To better serve clients, advisors should be aware of differences both within and between the generations, according to several presentations and discussions at the 2018 Schwab IMPACT conference in Washington, D.C.

In opening the conference, Bernie Clark, Schwab’s head of advisor services, put generational planning at the forefront of the discussion by explaining how the custodian thought of each generation’s experiences with the financial crisis.

For example, the oldest mass generation in the U.S., the “silent generation” born before the post-World War 2 baby boom, escaped from the financial crisis relatively “OK,” said Clark, because they were already through the earliest stages of their retirements as the value of their investments began to decline.

The baby boomer generation, on the other hand, had seen “great times in the market, but lost a lot too. Most boomers, even today, felt that they don’t have the economic well-being to move into their post-work lives,” said Clark.

As the baby boomers transition to retirement and begin to spend down their assets, more advisors are focused on affluent members of younger generations who are waxing in both influence and wealth. But advisors should be aware that there are deep differences between Generation X and the millennial generation and their elders, said Mike Van Wyk, vice president of consumer research for the Capital Group’s American Funds, in a Tuesday presentation entitled “Millennials to Boomers: Better High-Net-Worth Planning By Generation.”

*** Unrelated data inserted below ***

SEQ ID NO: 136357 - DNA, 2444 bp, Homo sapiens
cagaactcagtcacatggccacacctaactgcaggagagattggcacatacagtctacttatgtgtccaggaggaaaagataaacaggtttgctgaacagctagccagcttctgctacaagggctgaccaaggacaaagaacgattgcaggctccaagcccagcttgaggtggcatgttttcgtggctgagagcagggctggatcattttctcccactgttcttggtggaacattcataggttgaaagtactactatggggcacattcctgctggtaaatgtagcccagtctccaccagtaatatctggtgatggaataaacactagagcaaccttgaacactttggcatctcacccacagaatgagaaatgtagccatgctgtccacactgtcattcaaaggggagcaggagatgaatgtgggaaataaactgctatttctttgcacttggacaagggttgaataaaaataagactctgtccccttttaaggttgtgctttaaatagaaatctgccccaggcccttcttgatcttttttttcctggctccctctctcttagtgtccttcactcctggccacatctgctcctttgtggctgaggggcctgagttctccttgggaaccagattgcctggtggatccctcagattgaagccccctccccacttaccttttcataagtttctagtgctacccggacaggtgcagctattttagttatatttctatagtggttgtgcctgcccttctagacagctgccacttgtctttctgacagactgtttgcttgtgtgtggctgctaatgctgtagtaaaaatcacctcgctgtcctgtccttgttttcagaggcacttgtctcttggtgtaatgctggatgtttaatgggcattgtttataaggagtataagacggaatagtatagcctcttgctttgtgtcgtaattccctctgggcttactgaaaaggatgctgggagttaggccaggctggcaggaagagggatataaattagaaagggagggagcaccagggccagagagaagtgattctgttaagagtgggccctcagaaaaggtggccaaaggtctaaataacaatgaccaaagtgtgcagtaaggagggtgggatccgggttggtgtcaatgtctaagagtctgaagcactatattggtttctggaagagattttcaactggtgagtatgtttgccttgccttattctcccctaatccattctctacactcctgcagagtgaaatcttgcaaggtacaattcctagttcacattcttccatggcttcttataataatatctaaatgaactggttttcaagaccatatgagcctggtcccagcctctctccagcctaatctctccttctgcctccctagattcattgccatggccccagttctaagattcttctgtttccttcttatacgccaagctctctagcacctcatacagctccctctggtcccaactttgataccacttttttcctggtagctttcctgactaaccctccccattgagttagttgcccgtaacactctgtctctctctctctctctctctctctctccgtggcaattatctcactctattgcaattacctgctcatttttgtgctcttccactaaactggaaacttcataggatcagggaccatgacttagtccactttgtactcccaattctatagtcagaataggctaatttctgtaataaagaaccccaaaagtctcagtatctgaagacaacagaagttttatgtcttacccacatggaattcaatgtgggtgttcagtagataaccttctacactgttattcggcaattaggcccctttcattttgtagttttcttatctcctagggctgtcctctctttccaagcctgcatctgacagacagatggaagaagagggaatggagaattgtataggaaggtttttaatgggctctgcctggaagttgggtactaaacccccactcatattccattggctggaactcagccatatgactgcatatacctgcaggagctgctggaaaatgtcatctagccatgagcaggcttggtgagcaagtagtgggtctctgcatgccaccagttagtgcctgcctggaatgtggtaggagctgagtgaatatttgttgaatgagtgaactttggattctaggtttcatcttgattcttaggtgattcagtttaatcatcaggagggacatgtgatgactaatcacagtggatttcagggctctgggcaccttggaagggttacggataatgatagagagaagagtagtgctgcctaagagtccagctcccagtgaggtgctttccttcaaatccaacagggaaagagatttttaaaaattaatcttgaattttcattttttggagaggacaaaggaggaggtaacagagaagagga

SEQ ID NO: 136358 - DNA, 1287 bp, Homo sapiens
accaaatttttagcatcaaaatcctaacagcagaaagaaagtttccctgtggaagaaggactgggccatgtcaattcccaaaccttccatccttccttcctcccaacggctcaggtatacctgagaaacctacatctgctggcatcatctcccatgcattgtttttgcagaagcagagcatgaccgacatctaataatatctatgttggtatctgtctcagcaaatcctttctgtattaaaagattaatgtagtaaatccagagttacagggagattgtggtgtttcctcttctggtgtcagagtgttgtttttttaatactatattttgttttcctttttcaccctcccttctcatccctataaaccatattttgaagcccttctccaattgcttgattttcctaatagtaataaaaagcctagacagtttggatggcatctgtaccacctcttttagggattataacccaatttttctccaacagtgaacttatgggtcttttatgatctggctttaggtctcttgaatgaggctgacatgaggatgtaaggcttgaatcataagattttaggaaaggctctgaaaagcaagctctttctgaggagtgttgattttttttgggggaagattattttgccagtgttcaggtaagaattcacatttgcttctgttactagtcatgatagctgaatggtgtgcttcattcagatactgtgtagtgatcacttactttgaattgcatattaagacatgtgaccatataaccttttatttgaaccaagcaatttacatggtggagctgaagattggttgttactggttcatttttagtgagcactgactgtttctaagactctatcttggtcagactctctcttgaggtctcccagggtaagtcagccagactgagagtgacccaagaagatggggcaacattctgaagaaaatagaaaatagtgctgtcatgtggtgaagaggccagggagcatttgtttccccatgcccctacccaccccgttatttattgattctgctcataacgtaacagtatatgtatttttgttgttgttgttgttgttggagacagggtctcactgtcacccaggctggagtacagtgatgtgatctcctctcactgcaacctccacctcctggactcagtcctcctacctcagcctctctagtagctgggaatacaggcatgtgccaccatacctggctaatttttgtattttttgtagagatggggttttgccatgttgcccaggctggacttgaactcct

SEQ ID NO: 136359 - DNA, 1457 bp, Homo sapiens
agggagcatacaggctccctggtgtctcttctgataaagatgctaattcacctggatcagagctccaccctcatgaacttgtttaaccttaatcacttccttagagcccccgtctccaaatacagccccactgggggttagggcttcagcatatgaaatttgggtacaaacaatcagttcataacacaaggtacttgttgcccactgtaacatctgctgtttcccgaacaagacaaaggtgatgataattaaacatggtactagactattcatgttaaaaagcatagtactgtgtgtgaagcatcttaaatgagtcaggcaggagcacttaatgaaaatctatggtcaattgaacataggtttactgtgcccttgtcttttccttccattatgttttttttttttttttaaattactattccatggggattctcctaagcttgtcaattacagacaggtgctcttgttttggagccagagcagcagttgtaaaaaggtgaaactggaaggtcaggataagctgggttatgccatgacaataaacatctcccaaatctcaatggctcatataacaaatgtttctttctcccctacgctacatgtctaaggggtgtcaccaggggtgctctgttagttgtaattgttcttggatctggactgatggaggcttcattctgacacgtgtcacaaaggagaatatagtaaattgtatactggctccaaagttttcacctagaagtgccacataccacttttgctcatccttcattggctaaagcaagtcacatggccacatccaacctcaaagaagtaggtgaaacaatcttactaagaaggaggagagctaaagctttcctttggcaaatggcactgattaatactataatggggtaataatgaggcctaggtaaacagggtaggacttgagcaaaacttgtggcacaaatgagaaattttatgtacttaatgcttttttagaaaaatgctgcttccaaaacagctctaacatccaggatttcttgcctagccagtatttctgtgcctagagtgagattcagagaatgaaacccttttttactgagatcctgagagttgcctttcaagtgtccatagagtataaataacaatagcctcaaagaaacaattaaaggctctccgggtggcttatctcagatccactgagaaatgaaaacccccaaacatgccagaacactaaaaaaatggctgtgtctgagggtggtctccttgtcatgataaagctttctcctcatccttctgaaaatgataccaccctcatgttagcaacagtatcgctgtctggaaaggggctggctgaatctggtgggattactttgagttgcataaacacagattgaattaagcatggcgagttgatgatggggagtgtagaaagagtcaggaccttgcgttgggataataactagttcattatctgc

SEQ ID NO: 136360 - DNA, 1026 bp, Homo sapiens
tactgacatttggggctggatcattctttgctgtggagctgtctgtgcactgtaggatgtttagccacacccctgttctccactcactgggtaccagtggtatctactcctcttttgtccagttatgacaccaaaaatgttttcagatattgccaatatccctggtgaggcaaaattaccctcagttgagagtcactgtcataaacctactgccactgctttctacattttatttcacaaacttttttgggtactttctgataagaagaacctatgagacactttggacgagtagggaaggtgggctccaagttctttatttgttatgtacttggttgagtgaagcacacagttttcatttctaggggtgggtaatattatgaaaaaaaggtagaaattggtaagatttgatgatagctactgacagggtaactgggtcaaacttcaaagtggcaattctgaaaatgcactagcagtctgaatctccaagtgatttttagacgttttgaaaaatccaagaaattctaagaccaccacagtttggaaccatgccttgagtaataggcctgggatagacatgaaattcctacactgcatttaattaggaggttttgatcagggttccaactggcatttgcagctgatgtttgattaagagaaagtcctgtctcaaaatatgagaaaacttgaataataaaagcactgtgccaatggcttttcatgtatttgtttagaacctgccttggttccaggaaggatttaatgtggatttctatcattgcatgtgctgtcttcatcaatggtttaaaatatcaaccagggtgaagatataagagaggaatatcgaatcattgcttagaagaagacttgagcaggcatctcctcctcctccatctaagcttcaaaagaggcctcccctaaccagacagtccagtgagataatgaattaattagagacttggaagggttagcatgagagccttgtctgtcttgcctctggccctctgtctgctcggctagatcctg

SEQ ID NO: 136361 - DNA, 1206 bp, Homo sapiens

“Each of these generations are around 70 million people, so when you talk about them as a generation, you’re generalizing for a group of 70 million,” said Van Wyk. “My point of view is that it’s extremely useful to think about the generations, but only if you ground yourself clearly in the life experiences that these generations went through.”

Once you have an understanding of how people in different age groups experienced their formative years, he said, you can get a better sense of how they will navigate life changes.

For example, millennials, who are between 22 and 37 years old, have grown up through a period of rapid technological change in which the power of a home computer has shrunk down to devices that fit in pockets and on wristwatches.

Millennials also experienced traumatic political events, like the September 11 attacks in New York and Washington, D.C., as well as numerous school shootings, and tough market and economic events like the global financial crisis and subsequent Great Recession. More important, these things happened to them in their formative years, said Van Wyk.

Generation X, on the other hand, comprising those between ages 38 and 53, spent their formative years amid the development of the home computer. They also grew up in an era where a much larger portion of women were entering the workforce, so they’re at times referred to as “latchkey kids,” said Van Wyk.

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